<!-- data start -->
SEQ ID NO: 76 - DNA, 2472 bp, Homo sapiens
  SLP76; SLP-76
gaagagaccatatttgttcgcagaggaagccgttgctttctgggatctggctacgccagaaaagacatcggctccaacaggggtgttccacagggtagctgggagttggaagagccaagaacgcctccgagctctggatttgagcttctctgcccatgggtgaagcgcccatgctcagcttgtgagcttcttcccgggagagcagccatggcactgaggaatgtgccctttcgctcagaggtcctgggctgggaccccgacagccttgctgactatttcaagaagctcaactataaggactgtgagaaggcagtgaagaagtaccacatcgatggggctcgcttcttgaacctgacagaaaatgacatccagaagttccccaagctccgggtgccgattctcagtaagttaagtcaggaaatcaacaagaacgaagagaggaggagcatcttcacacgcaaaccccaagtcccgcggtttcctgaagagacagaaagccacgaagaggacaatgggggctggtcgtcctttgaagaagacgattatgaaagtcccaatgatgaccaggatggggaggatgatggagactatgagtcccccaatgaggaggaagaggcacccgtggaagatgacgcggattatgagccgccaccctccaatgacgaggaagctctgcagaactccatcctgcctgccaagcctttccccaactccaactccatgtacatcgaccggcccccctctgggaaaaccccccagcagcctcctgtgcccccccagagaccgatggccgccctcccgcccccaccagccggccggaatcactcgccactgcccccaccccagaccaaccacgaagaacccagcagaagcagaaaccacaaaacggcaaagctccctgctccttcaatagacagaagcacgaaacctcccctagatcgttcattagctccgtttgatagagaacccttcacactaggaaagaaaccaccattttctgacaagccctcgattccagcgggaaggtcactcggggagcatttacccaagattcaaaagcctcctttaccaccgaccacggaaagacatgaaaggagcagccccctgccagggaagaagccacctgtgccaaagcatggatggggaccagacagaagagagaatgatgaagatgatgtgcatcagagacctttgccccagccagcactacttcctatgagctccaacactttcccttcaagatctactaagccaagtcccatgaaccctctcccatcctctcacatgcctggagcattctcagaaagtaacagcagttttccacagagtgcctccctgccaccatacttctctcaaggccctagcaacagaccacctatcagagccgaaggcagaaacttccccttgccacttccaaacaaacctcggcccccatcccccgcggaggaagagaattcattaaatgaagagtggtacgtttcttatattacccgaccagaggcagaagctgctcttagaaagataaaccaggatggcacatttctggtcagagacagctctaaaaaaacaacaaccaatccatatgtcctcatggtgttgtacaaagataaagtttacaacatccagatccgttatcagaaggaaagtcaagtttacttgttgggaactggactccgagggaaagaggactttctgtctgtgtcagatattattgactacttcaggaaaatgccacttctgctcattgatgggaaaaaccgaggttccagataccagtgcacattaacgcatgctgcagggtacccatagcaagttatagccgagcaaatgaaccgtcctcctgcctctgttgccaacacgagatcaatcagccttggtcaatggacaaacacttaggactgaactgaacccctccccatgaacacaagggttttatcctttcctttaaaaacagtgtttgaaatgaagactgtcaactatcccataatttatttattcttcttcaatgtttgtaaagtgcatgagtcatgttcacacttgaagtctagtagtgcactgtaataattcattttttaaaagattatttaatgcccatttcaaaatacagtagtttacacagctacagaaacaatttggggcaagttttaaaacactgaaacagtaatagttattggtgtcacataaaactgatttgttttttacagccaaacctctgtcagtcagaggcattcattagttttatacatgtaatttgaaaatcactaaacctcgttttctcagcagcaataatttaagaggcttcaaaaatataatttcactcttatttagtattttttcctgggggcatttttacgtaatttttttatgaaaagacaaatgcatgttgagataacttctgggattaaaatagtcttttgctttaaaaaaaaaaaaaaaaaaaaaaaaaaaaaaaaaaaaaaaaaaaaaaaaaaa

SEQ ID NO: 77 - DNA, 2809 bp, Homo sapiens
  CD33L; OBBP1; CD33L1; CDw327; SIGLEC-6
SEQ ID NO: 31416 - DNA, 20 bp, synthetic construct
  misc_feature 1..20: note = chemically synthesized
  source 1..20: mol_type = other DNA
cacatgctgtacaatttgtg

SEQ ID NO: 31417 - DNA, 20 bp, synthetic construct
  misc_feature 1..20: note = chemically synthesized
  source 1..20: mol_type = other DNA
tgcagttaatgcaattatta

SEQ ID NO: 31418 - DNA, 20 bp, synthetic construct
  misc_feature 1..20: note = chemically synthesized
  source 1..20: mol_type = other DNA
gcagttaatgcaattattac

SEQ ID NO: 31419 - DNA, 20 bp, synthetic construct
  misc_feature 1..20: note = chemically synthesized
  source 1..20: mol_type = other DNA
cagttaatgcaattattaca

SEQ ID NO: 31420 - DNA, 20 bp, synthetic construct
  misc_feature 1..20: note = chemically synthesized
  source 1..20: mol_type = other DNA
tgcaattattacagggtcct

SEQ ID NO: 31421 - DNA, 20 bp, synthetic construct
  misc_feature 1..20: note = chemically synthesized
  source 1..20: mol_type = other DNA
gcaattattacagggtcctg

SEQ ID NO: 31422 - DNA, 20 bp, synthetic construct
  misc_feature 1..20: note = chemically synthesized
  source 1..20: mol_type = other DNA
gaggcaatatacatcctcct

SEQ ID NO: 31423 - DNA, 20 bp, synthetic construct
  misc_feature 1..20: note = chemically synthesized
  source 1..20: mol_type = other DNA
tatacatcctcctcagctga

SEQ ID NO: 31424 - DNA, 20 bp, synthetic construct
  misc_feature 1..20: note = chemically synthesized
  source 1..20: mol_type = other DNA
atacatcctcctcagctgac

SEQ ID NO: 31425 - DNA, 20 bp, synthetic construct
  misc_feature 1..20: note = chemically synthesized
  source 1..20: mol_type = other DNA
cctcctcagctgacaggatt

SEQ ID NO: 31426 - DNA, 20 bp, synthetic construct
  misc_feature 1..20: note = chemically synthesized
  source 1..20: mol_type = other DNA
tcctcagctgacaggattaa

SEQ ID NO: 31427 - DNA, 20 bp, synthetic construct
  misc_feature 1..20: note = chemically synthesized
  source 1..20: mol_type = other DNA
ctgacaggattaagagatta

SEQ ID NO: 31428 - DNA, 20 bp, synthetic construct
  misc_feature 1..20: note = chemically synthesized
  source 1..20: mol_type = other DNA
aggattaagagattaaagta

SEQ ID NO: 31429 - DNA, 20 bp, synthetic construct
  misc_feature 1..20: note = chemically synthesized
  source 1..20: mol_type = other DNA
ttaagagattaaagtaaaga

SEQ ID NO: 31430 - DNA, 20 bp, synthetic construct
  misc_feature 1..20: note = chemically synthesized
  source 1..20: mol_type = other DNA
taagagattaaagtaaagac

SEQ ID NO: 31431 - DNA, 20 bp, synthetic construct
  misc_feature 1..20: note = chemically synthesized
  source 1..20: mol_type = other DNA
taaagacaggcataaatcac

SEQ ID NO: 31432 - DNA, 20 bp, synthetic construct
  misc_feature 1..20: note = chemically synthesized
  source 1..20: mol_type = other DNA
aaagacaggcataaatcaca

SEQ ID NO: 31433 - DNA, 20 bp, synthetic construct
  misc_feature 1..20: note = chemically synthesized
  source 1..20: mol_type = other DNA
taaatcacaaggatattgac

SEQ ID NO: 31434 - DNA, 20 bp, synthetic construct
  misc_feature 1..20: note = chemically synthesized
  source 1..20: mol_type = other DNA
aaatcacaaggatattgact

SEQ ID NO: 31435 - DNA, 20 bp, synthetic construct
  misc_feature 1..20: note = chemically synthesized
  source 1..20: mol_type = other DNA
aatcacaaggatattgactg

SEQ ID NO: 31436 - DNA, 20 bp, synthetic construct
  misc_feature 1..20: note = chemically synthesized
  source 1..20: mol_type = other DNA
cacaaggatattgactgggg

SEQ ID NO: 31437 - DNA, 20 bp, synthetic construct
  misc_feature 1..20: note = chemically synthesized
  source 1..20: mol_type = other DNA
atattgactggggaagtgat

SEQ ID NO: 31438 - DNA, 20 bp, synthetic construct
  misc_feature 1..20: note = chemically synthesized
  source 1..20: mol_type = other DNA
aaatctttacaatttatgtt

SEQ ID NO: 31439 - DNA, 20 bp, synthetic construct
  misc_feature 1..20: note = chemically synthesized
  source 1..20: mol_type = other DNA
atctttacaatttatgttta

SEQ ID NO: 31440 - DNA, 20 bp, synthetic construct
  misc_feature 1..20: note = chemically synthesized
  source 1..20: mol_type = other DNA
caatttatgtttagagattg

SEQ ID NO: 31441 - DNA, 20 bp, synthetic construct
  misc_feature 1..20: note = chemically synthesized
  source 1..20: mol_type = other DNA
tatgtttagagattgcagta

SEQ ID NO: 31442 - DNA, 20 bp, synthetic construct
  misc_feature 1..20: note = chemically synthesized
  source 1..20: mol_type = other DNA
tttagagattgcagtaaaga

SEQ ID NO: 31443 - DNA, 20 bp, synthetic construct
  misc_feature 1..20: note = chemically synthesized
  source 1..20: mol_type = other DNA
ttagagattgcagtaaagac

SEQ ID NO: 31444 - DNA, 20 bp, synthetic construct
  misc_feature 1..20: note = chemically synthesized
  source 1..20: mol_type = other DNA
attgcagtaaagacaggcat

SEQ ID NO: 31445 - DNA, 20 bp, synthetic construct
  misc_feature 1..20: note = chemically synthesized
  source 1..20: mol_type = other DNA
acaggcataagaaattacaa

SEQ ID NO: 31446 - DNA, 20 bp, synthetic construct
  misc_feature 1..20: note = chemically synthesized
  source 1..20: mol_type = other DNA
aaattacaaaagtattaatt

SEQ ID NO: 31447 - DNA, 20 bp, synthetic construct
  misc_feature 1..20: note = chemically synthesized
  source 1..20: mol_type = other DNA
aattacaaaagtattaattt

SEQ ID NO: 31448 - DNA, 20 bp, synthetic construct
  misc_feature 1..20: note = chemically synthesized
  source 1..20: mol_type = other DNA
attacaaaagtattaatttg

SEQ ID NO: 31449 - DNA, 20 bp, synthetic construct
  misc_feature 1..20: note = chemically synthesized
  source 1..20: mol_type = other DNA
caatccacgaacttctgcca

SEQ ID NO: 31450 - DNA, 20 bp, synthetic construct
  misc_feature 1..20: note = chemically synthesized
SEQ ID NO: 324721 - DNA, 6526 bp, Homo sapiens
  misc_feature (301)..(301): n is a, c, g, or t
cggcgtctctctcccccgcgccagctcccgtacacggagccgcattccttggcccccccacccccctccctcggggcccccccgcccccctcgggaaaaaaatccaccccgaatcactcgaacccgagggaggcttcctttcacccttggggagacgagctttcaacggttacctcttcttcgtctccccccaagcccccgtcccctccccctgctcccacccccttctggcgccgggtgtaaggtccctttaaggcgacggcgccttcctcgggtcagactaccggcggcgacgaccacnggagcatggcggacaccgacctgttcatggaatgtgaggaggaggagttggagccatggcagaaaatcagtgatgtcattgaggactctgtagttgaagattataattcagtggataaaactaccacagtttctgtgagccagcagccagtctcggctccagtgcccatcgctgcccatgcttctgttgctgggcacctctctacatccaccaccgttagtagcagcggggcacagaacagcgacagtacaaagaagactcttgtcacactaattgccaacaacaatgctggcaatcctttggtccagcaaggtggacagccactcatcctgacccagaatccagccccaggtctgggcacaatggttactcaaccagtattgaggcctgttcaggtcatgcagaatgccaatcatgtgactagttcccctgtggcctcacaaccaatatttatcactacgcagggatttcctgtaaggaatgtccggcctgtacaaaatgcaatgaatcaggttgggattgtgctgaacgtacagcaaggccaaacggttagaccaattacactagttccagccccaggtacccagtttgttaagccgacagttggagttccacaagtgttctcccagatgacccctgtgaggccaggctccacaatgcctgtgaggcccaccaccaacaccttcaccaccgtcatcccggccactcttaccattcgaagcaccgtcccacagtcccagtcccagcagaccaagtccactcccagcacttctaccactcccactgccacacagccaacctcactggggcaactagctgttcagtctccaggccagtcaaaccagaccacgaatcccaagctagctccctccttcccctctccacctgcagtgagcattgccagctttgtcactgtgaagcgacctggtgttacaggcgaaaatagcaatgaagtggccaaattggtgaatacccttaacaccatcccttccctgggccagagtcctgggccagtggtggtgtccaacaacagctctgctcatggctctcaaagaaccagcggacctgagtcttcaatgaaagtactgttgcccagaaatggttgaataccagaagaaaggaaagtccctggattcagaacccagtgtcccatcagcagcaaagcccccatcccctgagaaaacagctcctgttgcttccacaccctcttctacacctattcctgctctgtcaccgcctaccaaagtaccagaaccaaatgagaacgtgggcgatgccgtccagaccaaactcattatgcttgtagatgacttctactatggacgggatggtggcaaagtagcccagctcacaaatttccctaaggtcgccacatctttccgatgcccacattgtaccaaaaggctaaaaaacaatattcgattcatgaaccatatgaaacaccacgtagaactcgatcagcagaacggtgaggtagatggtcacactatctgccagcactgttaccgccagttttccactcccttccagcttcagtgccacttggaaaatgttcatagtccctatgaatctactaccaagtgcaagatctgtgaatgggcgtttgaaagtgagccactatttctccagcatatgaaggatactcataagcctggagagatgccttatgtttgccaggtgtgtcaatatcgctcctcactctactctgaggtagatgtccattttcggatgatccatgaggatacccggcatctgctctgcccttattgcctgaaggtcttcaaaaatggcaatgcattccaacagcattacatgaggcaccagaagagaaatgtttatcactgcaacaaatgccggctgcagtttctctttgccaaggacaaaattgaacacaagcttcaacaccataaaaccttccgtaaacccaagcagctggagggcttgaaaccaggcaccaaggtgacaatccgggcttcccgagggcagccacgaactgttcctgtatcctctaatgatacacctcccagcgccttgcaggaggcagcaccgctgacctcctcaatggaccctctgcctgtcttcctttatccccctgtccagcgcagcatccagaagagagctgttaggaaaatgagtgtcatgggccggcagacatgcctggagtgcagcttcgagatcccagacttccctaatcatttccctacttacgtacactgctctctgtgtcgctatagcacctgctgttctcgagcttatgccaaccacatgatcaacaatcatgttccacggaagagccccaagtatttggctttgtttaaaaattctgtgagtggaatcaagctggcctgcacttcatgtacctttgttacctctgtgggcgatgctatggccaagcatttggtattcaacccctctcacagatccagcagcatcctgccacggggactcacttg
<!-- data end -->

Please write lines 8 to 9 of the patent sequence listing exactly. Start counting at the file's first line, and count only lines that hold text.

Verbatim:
  source 1..20: mol_type = other DNA
cacatgctgtacaatttgtg